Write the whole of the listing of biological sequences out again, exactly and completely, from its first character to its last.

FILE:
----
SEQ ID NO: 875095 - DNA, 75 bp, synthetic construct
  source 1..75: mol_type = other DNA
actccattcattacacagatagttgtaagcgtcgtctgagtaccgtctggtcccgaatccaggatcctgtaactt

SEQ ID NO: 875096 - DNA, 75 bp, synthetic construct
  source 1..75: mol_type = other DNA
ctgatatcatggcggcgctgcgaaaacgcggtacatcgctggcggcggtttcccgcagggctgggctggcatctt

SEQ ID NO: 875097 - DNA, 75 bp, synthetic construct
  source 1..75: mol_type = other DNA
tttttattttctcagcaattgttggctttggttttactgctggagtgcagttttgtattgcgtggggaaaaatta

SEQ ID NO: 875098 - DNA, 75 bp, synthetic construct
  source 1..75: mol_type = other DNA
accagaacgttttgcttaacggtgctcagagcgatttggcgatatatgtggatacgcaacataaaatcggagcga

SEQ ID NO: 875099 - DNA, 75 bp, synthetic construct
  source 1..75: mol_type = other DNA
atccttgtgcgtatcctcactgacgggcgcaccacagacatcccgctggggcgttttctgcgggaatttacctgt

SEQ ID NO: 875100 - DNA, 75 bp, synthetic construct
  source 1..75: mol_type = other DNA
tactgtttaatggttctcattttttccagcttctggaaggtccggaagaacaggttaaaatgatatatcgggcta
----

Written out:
SEQ ID NO: 875095 - DNA, 75 bp, synthetic construct
  source 1..75: mol_type = other DNA
actccattcattacacagatagttgtaagcgtcgtctgagtaccgtctggtcccgaatccaggatcctgtaactt

SEQ ID NO: 875096 - DNA, 75 bp, synthetic construct
  source 1..75: mol_type = other DNA
ctgatatcatggcggcgctgcgaaaacgcggtacatcgctggcggcggtttcccgcagggctgggctggcatctt

SEQ ID NO: 875097 - DNA, 75 bp, synthetic construct
  source 1..75: mol_type = other DNA
tttttattttctcagcaattgttggctttggttttactgctggagtgcagttttgtattgcgtggggaaaaatta

SEQ ID NO: 875098 - DNA, 75 bp, synthetic construct
  source 1..75: mol_type = other DNA
accagaacgttttgcttaacggtgctcagagcgatttggcgatatatgtggatacgcaacataaaatcggagcga

SEQ ID NO: 875099 - DNA, 75 bp, synthetic construct
  source 1..75: mol_type = other DNA
atccttgtgcgtatcctcactgacgggcgcaccacagacatcccgctggggcgttttctgcgggaatttacctgt

SEQ ID NO: 875100 - DNA, 75 bp, synthetic construct
  source 1..75: mol_type = other DNA
tactgtttaatggttctcattttttccagcttctggaaggtccggaagaacaggttaaaatgatatatcgggcta